When it was all said and done, we all got back to the camp and although slightly sun-burnt, managed to feed no less than 20 partying Cajuns and had a truly, almost unforgetable time.


Makin' BBQ and Boudin

Yesterday afternoon I was struck with a thought; why not make some boudin? For those who don't know, boudin is kinda like a sausage. It's made of pork meat, ground liver, Cajun spices and rice, kinda like a "dirty rice mix" in a sausage casing. A phone call to my friend Sam, a trip to a butcher shop and a plan was hatched. Today Sam came over bringing the casing, very, very good deer sausage that he had made and brought for us to put on the bbq pit, and some frozen catfish for Pegody to enjoy while I'm back on the boat. In a flash of brilliance, Sam and I decided to call another friend, Todd and had him come over to join the doings. We had a grand old time! Watch the slideshow and join us. If it don't make ya mouth water then you aint Cajun.



Cappy's Tug Boat Christmas

The hitch started 2 weeks before Christmas and stretched til a week after New Years. The weather was nice for the most part and most mornings were begun under sunrises like this one. The fog usually set in early, and for one stretch didn't lift for 3 days. The haze and humidity gave some sunsets almost a surreal cast when combined with lights from the platforms we dock at. The afternoon we pulled up at this place in the bay, the sky had a beautiful purple cast, blending in with the lights off the water.

Our little Christmas tree wasn't much, but it did a fine job of cheering up the back corner of the wheel house, along with the presents and stockings for the crew, and the singing snowman that cappyclaus's helper Pegody brought to us one day when we passed by a dock she could reach.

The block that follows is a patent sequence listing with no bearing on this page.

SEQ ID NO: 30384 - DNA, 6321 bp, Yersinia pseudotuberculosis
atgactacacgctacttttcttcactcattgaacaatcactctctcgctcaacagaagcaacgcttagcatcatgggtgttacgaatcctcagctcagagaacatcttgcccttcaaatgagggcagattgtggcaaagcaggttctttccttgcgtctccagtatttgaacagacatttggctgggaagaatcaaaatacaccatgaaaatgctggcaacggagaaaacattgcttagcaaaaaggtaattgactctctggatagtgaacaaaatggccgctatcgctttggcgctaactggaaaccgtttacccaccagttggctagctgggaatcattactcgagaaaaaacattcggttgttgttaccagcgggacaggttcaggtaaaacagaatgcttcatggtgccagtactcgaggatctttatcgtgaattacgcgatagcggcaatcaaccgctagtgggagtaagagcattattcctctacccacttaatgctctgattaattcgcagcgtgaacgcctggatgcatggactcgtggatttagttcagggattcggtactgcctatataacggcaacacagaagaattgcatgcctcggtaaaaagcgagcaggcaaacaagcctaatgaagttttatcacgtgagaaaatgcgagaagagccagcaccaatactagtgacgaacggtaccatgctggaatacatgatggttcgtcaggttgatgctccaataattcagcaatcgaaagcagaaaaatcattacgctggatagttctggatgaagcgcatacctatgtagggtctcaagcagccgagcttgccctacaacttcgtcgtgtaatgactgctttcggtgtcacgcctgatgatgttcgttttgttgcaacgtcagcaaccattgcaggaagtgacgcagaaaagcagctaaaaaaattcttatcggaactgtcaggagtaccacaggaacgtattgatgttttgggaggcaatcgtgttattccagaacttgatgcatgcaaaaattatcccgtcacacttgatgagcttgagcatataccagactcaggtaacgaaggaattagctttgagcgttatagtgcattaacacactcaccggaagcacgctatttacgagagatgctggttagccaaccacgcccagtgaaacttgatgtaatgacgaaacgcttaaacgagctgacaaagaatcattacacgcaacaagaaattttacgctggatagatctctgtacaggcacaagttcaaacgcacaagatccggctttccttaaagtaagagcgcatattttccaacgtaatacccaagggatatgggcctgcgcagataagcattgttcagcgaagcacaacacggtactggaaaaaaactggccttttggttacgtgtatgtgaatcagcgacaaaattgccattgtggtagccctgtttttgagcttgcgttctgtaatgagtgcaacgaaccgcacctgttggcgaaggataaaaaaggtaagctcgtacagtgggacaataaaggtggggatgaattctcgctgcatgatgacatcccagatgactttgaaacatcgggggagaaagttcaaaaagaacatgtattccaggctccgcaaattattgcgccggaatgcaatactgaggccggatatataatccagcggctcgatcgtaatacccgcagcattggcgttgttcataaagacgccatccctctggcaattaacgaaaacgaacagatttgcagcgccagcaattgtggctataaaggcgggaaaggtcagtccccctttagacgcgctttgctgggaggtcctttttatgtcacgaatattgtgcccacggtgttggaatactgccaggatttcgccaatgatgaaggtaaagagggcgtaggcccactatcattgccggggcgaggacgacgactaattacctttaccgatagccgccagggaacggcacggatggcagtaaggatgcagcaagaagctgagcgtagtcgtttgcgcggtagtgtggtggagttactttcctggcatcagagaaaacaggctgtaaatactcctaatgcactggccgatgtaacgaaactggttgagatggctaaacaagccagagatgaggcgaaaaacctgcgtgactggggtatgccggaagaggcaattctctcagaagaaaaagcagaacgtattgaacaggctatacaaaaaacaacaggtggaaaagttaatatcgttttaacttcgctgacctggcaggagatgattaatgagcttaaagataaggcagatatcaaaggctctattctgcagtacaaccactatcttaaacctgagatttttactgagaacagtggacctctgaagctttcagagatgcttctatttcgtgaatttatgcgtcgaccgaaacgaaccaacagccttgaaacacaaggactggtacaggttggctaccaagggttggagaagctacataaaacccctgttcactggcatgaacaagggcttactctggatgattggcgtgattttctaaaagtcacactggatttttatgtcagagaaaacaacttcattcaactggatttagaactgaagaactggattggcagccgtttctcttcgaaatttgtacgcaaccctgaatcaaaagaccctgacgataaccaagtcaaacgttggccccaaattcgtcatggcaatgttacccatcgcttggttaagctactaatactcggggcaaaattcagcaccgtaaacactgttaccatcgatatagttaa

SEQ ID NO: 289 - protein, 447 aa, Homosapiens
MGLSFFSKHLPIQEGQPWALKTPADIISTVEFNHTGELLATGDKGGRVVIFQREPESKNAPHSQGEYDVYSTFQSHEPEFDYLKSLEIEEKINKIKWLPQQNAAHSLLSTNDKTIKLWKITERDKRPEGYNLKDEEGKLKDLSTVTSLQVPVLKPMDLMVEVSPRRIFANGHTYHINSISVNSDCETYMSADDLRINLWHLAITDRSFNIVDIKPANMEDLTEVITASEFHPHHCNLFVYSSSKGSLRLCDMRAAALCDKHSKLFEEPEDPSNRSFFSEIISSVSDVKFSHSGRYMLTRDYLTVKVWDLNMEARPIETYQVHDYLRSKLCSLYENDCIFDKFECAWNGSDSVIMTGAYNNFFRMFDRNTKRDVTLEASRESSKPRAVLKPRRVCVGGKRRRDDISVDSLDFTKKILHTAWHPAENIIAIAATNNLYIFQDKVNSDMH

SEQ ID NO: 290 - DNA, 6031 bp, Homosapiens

My crew that week, shown here, Darby my pilot on the left and Brian my temporary tankerman on the right were thrilled with the stockings and presents that Peg brought to us. I must say it was tough keeping them out of the "goodies" til Christmas morning.
David, my normal tankerman, shares a love of old gnarly dead trees with me, so I took this picture with him in mind. The old dead cyprus tree is beautiful enough all by itself. The flock of Cormorants that were perched on it, like decorations on some morbid- looking Christmas tree were just an added treat to a dead-tree-lover like me.

Winter sunsets are often quite beautiful, and we never tire of enjoying them. Whenever the man on watch sees a nice sunset he always passes word to who ever is awake and we watch the sun set most days. There were a few foggy evenings and not all sunsets can be enjoyed, but every once in awhile there is one that is so magical ya can't just take 1 picture. The last day on the boat I happened to lookbehind me at some seagulls following behind us in the sunset. I hollered for my pilot to take the wheel, and I stood there taking pictures and just glorying in the beautiful sight, thanking God for the privilege to live and work in the swampy paradise we call home.